• The absolutely calculating way the father sizes up his adolescent daughter’s body in Family‘s kitchen: his look isn’t evil or crazy—he’s just a man checking when his dinner might be ready….

Fresh: The weirdly religious transport of the druglord Esteban (Giancarlo Esposito) as he mesmerizes l0-year-old Fresh (Sean Nelson) with his graphic fantasy about fucking the boy’s heroin-hooked sister (N’Bushe Wright): “My very own madonna”…

Life on another planet: A brick house set out in the featureless middle of a Midwest flatland, home for black college basketball players in Hoop Dreams

• “Oak’s nice.”—Pulp Fiction….

• A cheap pink stone—the spoor of Heavenly Creatures‘ killer angels—dropped in the mud as bait for a common woman…

• Pinned from behind by one teenaged Funseeker, while another girl closes in on her with a kitchen knife, the sweet-faced, frail grandmother’s last wondering words: “Am I going to die?”…

• Janeane Garofalo in the waiting room, considering not hearing as her name is called for the HIV test—Reality Bites

• “The designated fuck”: What a fall guy (Peter Berg) is to femme fatale Linda Fiorentino in The Last Seduction

• Coffee-colored Camille as J’ai pas sommeil‘s chanteuse: barefoot, his slender body wrapped in black panne velvet, singing and swaying slowly past a gauntlet of eyes, his hands shaping Crying Game patterns out of the blues…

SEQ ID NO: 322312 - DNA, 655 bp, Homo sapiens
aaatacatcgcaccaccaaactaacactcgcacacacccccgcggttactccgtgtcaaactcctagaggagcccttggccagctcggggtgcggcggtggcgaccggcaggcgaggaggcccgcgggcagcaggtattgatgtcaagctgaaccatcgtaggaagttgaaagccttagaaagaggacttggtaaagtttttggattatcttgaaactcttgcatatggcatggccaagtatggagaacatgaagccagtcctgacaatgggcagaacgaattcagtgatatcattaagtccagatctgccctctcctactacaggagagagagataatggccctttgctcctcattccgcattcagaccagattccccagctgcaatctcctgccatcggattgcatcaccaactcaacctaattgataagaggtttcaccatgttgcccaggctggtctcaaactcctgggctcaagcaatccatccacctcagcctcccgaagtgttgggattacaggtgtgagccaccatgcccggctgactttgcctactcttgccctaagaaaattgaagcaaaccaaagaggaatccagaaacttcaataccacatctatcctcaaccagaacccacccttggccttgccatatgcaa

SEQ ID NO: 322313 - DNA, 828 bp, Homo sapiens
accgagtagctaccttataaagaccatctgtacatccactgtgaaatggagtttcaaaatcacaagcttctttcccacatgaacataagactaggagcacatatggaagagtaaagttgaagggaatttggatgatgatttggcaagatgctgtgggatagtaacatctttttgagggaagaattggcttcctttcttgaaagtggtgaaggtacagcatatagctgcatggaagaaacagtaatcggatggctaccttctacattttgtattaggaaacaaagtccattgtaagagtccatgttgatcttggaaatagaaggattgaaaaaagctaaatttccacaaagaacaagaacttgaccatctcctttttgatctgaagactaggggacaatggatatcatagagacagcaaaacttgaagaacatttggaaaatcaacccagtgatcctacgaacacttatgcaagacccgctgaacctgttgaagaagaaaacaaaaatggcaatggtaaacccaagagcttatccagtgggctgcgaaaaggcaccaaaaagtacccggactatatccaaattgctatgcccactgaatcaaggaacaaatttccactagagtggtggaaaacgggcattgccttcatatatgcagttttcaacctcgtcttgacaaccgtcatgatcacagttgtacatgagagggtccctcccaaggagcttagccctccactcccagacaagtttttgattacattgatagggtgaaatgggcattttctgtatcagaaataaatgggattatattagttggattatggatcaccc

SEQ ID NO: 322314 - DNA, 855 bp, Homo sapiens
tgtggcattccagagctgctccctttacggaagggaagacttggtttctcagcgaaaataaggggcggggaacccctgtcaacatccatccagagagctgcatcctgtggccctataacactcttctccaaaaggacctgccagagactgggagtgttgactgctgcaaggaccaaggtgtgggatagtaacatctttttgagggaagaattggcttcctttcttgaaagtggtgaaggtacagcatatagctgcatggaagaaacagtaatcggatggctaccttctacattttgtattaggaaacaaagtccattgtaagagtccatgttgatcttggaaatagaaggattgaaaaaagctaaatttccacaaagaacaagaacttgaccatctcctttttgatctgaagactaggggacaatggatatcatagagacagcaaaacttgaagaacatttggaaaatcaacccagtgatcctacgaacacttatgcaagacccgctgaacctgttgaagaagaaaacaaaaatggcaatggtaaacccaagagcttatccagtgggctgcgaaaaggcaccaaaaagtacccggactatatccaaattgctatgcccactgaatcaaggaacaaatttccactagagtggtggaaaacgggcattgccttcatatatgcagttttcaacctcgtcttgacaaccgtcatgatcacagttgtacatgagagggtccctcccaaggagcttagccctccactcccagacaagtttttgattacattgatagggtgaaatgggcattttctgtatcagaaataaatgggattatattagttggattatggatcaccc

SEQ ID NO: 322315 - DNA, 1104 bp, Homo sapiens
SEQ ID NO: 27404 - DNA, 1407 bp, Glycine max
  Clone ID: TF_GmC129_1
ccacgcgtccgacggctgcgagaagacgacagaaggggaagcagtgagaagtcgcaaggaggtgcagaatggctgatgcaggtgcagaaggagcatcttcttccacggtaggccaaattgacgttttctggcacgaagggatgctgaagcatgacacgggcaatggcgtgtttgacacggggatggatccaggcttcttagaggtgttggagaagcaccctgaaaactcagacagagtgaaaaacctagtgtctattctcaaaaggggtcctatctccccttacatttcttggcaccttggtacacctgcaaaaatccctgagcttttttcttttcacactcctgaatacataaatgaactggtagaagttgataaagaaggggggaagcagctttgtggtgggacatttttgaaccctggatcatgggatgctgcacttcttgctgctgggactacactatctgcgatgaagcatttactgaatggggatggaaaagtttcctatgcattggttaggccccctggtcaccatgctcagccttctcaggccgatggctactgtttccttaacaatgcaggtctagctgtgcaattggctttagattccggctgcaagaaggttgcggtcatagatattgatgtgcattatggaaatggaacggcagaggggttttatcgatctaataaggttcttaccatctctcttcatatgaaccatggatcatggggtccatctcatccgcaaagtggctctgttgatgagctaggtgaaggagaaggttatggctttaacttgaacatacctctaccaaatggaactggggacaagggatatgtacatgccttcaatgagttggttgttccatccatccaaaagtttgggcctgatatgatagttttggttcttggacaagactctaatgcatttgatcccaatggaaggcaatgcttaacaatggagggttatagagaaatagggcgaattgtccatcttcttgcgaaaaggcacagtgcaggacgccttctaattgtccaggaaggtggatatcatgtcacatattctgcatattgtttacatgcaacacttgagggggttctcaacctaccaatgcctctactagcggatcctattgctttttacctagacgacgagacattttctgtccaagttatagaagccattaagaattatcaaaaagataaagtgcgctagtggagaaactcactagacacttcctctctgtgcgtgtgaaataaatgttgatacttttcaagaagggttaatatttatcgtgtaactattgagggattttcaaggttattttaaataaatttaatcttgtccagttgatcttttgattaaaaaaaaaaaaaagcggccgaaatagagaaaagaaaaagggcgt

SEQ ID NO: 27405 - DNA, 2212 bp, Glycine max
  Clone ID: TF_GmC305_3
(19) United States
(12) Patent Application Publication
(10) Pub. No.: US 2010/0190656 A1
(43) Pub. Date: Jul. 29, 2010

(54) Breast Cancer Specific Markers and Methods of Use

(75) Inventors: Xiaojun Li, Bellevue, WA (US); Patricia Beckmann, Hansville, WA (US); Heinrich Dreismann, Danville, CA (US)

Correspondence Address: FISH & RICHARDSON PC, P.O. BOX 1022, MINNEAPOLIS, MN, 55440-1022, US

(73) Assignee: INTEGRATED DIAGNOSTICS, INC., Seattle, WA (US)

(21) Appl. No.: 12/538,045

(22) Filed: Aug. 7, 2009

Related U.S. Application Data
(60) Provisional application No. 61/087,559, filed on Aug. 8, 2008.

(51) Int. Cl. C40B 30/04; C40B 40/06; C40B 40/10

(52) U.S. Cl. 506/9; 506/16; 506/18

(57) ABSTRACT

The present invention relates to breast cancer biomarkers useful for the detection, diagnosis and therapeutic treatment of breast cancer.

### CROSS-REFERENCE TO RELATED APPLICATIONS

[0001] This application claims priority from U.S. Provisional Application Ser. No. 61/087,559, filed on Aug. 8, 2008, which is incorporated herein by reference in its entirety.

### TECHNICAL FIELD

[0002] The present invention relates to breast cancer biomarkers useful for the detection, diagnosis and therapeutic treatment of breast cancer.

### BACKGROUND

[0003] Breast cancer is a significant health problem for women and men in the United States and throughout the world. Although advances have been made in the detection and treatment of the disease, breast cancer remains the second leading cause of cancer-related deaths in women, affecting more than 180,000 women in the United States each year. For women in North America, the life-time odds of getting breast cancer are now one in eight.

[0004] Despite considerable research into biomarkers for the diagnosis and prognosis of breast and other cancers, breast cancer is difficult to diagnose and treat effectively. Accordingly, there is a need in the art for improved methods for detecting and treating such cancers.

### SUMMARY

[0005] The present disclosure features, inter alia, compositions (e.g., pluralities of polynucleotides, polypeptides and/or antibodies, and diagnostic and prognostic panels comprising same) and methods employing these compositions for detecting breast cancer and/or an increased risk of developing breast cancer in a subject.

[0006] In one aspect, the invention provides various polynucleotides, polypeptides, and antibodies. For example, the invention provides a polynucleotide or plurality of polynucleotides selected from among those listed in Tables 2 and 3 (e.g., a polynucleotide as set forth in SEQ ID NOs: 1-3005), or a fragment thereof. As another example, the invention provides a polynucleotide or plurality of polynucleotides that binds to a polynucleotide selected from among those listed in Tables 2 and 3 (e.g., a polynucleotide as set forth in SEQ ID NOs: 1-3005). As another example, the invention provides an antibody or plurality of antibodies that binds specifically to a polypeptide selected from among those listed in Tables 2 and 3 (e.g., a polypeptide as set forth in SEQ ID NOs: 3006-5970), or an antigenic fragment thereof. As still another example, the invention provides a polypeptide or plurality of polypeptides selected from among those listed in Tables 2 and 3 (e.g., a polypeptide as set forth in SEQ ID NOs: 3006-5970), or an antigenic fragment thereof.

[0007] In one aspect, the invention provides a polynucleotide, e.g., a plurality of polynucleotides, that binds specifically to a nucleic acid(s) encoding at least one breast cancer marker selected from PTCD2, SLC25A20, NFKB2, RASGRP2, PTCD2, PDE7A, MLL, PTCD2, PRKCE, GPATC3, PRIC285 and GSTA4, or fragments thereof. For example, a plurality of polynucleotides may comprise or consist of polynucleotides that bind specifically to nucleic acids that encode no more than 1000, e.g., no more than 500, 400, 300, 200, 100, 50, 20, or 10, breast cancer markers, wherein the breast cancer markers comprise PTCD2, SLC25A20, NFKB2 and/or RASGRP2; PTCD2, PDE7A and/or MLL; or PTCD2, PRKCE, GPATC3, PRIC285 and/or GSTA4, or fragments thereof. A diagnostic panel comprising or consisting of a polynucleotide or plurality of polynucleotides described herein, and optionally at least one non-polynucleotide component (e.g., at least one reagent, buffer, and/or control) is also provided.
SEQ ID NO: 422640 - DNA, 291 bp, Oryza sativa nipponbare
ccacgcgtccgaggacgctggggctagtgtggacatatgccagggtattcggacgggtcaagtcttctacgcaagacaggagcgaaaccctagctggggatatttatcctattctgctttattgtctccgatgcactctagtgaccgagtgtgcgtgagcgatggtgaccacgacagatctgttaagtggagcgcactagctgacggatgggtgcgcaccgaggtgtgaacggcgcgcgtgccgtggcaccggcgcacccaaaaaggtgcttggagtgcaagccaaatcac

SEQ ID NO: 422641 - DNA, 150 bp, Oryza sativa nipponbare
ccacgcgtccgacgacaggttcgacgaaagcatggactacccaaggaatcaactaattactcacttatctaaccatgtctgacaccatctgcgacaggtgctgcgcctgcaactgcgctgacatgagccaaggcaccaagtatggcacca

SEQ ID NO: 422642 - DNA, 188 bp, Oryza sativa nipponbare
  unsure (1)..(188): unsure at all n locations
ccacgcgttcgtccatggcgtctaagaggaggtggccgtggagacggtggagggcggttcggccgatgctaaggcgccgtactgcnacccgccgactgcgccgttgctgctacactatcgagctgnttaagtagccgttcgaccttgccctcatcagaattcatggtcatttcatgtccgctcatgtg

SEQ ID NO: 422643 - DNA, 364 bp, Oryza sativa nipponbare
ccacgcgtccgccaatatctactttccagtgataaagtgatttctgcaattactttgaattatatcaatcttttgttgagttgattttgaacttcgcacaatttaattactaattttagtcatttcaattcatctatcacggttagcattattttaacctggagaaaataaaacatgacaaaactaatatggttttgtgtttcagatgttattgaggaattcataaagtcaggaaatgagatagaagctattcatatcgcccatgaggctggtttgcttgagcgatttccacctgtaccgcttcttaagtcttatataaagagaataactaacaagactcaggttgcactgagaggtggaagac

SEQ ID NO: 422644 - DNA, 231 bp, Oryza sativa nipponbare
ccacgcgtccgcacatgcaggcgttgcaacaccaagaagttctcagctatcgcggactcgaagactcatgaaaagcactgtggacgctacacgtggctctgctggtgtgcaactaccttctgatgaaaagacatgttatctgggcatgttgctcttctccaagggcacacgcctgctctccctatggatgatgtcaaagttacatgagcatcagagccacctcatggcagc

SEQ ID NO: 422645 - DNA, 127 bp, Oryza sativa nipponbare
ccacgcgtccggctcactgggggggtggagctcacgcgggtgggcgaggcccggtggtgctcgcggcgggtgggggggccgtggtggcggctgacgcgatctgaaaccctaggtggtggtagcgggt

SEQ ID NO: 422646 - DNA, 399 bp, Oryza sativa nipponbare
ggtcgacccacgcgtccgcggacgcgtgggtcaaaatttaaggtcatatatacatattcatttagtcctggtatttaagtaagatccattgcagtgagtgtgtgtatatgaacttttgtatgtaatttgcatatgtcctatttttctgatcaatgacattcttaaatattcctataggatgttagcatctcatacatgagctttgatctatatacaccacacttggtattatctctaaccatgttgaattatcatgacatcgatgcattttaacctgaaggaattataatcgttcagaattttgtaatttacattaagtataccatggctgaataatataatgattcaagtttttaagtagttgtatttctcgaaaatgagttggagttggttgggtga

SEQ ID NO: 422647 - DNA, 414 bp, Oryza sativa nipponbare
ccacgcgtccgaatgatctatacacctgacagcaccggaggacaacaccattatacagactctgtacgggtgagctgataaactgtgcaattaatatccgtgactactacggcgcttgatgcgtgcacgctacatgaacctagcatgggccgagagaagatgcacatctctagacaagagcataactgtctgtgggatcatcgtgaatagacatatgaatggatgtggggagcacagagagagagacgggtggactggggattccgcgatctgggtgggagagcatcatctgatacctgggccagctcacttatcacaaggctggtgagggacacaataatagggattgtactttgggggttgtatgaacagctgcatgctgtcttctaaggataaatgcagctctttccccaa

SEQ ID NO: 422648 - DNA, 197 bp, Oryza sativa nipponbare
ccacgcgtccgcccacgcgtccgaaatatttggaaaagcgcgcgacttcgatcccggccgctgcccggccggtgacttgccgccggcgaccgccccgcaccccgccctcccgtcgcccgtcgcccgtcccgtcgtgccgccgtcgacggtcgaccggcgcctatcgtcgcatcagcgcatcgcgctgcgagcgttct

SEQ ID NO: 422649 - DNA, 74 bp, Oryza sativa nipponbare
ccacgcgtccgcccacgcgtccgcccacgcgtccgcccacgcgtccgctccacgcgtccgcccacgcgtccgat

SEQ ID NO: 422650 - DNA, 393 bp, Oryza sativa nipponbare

• And “The Crying Game” rising on the soundtrack of Ace Ventura, Pet Detective as Ace (Jim Carrey) learns what became of a certain vanished football star…

Interview with the Vampire: the childish intensity of appetite—”I want some more”—in Kirsten Dunst’s newborn nosferatu….

• Preggers and pigging out in Junior: the authentic camaraderie of Pamela Reed and Arnold Schwarzenegger…

• The lacerating realism of Chrissy Rock’s performance in Ladybird, Ladybird: doggedly making yet another child, going bonkers when flesh of her flesh is officially amputated from her life…

• Raw, soul-breaking kinesis–energy, noise, violence—during the drag races down by the railyards in Metal Skin: the best cars—and the best people—are ”sick”….

• Tommy Lee Jones’s Warden McKlusky self-morphing as he moves through space, Natural Born Killers: Ed Grimley’s redneck uncle as drawn by Chuck Jones…